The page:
Movie review: ‘Max’ the hero dog fetches strong emotions

Josh Wiggins and Max, the military trained German shepherd, hit it off in Max.
Josh Wiggins and Max, the military trained German shepherd, hit it off in Max. Warner Bros. Entertainment Inc

What It’s About

Aimed directly at your heart, “Max” is that rare film that brings out honest emotions with its can’t-miss combination of a loyal, well-trained military dog and poignant family drama.

The story focuses on a heroic older brother, troubled young son and grieving parents, and how a service dog bonds with the Wincott family. The screenplay, co-written by Sheldon Lettich (“Bloodsport”) and Boaz Yakin (“Remember the Titans”), shows conflicts in war zones and at home.

Max is a German Shepherd traumatized in Afghanistan after losing his trainer, Kyle Wincott (Robbie Amell). He is no longer of service to the military, so the heartbroken Wincotts bring him home. It’s only a matter of time before he’s an important part of the family, helping them to heal.

Justin (Josh Wiggins), who doesn’t exactly see eye-to-eye with his tough ex-Marine dad Ray (Thomas Haden Church), is responsible for the dog, and is helped by a new gal pal Carmen (Mia Xitlali), a cousin of his friend Chuy (Dejon LaQuake). The teens hang out during the summer, and are drawn into shady dealings with Chuy’s untrustworthy cousin Emilio. Justin discovers that with some digging, he might find out what really happened to his brother. The plot thickens as danger lurks, and it’s up to Max to save the day.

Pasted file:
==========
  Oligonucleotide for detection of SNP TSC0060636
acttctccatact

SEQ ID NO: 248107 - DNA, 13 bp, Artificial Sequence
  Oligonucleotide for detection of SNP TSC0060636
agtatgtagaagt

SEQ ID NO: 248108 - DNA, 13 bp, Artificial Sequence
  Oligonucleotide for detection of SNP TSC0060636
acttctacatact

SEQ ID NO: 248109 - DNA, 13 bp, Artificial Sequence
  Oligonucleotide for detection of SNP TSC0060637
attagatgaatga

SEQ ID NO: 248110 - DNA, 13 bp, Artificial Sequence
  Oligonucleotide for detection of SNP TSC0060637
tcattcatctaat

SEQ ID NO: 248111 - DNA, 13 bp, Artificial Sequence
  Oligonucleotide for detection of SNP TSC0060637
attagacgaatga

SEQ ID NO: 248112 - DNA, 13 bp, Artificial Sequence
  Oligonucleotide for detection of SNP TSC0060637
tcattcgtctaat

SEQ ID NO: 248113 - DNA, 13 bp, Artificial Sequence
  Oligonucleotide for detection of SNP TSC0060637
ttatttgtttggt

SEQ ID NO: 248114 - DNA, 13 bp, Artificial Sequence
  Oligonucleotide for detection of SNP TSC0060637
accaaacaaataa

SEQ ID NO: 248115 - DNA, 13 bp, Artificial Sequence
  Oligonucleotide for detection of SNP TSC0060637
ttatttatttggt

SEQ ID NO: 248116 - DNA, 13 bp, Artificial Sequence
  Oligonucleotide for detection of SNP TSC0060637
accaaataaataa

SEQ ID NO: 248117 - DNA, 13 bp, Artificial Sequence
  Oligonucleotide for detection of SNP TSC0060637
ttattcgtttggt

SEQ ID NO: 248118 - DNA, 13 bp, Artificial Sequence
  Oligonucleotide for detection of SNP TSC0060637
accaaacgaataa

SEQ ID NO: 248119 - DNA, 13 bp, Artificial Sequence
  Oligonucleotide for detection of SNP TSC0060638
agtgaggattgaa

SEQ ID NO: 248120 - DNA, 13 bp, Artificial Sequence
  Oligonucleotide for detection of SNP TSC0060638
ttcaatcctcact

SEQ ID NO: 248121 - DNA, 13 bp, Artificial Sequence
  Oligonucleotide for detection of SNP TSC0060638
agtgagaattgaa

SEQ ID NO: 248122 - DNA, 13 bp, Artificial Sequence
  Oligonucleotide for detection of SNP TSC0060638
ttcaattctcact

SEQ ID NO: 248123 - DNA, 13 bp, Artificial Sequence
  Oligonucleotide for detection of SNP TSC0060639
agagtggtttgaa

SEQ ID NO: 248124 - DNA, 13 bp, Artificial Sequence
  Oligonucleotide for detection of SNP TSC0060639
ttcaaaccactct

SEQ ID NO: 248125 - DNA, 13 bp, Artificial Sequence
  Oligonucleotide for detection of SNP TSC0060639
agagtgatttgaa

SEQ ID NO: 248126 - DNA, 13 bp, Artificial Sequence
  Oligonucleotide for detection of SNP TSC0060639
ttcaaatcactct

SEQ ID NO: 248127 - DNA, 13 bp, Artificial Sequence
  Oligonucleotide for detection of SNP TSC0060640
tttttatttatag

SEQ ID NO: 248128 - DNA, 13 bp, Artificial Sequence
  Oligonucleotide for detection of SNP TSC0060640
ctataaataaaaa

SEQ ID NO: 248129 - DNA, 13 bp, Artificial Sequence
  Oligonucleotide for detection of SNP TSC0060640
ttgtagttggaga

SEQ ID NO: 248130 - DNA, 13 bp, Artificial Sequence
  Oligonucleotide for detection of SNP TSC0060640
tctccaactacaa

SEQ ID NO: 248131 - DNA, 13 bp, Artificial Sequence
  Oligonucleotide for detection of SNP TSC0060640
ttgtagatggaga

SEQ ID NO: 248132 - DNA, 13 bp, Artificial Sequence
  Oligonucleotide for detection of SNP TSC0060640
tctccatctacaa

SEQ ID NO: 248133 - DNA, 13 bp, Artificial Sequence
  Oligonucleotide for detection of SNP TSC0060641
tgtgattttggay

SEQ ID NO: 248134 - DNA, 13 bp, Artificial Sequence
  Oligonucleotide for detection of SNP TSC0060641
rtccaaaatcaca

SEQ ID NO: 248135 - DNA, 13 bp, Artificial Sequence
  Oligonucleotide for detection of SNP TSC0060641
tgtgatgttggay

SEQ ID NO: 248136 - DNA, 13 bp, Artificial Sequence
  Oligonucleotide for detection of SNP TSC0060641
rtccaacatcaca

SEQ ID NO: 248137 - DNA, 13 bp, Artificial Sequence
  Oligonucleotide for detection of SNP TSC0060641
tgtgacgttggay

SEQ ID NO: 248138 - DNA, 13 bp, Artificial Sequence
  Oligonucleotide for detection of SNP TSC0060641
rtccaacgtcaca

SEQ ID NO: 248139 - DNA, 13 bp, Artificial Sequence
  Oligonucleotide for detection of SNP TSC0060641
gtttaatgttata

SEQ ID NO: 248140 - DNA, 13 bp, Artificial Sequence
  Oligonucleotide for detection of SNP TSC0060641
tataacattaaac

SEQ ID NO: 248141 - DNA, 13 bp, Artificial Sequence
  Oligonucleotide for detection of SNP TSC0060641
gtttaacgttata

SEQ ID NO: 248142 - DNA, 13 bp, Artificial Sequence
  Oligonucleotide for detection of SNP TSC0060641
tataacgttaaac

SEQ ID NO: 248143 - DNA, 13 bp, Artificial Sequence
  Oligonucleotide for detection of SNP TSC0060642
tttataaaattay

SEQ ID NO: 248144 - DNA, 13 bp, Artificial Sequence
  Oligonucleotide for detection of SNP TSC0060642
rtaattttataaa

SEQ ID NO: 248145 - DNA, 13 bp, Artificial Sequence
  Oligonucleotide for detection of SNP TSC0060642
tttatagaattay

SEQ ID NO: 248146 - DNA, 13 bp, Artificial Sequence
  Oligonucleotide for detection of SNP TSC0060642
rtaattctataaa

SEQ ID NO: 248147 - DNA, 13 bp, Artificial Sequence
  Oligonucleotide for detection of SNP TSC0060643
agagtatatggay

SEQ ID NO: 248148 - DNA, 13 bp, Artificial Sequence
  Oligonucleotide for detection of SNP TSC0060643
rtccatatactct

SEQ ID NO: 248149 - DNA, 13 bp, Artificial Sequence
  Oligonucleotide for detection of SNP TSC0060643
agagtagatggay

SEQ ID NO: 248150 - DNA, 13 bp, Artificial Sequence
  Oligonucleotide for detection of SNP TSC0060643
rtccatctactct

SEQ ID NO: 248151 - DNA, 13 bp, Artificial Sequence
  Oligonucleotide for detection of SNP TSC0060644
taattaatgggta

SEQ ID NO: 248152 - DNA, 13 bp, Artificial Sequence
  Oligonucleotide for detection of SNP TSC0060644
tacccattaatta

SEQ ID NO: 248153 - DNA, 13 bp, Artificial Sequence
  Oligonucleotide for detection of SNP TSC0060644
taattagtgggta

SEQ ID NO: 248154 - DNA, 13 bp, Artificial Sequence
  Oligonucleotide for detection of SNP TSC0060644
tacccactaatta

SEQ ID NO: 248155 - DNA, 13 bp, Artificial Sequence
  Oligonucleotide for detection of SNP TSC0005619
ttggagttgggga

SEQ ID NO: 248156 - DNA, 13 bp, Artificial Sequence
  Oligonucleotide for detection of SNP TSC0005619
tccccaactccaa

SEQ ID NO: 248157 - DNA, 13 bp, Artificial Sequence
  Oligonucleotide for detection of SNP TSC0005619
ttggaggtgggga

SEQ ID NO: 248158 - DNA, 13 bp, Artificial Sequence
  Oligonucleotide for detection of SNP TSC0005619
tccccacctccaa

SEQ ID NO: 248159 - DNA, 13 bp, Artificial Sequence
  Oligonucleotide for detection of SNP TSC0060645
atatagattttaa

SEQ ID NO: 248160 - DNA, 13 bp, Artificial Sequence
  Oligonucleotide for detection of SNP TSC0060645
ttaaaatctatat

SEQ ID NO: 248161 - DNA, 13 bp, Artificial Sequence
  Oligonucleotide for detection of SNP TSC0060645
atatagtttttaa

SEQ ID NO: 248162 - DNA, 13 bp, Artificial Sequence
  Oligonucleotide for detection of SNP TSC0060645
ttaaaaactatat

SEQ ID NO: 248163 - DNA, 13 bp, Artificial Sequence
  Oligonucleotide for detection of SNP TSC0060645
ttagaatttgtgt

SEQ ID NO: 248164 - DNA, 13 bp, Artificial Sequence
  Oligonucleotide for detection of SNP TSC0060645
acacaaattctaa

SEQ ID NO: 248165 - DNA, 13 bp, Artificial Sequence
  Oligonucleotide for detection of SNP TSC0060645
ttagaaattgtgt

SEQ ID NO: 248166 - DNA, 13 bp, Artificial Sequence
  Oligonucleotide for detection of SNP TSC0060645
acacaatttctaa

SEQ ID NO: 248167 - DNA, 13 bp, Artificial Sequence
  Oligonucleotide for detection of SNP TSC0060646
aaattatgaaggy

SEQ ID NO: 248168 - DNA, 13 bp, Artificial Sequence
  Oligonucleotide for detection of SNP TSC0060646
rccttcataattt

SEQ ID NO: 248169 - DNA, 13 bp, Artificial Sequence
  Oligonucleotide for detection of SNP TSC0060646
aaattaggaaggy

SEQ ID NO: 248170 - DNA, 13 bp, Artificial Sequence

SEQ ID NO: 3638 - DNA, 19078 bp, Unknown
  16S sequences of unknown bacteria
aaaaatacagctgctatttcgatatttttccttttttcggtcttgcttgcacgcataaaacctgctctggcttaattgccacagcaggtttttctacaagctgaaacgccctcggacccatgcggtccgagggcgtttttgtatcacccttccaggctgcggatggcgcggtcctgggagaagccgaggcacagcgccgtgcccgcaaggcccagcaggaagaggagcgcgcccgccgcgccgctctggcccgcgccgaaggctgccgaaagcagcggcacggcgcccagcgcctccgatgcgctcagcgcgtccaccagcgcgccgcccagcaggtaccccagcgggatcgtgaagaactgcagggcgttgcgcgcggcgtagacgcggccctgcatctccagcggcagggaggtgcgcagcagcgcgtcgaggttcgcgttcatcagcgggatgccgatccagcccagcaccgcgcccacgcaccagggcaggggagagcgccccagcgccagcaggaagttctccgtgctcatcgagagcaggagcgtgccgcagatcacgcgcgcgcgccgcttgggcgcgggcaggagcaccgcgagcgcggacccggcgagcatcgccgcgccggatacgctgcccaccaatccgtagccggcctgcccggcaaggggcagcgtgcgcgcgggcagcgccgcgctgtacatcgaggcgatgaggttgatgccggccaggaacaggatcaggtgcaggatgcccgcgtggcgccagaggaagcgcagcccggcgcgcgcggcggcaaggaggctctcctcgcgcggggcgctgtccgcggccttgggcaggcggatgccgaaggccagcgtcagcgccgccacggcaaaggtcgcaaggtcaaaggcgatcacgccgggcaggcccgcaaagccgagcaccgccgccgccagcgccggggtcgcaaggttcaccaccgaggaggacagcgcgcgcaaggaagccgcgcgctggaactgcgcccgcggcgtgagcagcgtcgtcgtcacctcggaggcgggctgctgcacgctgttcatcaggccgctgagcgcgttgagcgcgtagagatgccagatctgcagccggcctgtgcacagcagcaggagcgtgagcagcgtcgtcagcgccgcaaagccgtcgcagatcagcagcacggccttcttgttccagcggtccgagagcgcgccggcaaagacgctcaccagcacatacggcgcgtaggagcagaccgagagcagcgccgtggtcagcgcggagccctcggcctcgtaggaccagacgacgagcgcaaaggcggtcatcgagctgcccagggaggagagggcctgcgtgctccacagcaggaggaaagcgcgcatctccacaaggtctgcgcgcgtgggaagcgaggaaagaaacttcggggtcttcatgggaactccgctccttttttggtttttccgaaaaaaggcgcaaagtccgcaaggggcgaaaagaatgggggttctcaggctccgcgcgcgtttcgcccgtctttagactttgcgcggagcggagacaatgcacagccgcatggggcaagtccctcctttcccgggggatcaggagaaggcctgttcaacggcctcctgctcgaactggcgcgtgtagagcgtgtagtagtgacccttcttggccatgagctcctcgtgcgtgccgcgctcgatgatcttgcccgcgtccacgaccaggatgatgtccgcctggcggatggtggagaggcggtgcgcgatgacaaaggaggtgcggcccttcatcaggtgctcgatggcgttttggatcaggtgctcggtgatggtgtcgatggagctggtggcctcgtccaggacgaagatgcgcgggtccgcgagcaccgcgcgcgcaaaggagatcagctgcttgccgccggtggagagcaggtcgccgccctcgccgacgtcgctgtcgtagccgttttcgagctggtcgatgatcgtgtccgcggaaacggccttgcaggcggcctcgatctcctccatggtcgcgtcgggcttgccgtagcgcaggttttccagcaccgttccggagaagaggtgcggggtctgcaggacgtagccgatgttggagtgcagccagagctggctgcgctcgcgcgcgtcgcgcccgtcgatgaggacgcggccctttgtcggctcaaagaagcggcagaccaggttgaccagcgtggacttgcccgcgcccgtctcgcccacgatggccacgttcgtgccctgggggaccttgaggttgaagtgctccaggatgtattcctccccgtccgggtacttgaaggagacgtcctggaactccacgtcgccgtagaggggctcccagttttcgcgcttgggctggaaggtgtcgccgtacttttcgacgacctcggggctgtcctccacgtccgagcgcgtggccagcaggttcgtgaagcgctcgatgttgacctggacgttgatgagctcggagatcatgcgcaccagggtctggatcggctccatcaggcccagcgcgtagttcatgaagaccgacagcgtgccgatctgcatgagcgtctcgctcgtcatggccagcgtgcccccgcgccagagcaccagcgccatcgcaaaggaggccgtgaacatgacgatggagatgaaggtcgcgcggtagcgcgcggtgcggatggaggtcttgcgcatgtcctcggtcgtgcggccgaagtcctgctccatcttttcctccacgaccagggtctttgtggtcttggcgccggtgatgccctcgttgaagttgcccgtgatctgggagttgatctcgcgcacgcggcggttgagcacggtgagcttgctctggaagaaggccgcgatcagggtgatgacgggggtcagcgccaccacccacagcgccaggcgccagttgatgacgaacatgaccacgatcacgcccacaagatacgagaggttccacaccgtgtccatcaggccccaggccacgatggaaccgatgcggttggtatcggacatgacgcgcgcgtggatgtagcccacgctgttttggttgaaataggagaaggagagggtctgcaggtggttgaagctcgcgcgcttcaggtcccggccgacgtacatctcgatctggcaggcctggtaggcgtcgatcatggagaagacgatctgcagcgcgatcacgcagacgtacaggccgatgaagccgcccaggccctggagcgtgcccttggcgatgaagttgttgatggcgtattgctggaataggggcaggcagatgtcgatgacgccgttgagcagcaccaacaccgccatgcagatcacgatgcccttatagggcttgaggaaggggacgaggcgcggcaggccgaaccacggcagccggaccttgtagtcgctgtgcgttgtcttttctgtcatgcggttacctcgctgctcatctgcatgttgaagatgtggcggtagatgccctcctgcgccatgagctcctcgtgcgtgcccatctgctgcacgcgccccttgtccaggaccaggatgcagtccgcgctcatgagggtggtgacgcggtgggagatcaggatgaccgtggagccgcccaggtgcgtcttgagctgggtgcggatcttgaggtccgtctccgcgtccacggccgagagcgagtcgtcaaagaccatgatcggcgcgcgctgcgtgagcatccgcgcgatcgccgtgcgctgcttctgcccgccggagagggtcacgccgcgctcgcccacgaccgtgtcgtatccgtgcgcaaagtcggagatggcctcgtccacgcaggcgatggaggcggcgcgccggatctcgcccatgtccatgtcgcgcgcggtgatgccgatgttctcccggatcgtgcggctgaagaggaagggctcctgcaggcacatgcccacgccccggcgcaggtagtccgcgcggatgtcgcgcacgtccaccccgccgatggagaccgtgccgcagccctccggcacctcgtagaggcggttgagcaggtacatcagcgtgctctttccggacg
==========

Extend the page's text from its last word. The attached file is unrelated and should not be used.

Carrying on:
As the parents, TV favorites Thomas Haden Church (“Wings”) and Lauren Graham (“Gilmore Girls”) anchor the film. They’re such likable performers.

In only his second film, Josh Wiggins (“Hellion”) shows surprising poise and is a natural on screen. He works well with Max, and their relationship is believable. The other child actors are rooted in reality, too, and Xitlali is particularly impressive in her debut.

What Works

If you are familiar with the M.O. of “Lassie,” and his loyal buddy Timmy, this movie resembles that trajectory. Sure it’s schmaltzy, but we all kept coming back for more adventures. Max’s abilities are astonishing, no matter what you think of the predictable story.

The audience is coming to feel something, and “Max” delivers. Director Boaz Yakin knows how to get the most from an ensemble, as demonstrated in “Now You See Me” and “Remember the Titans.”

A definite crowd-pleaser, “Max” honors the brave four-legged soldiers called upon in harm’s way, and earns its stripes.

3 stars out of 4

Director: Boaz Yakin

Starring: Thomas Haden Church, Lauren Graham, Josh Wiggins, Robbie Amell

Rated: PG for action violence, peril, brief language and some thematic elements

Length: 1:51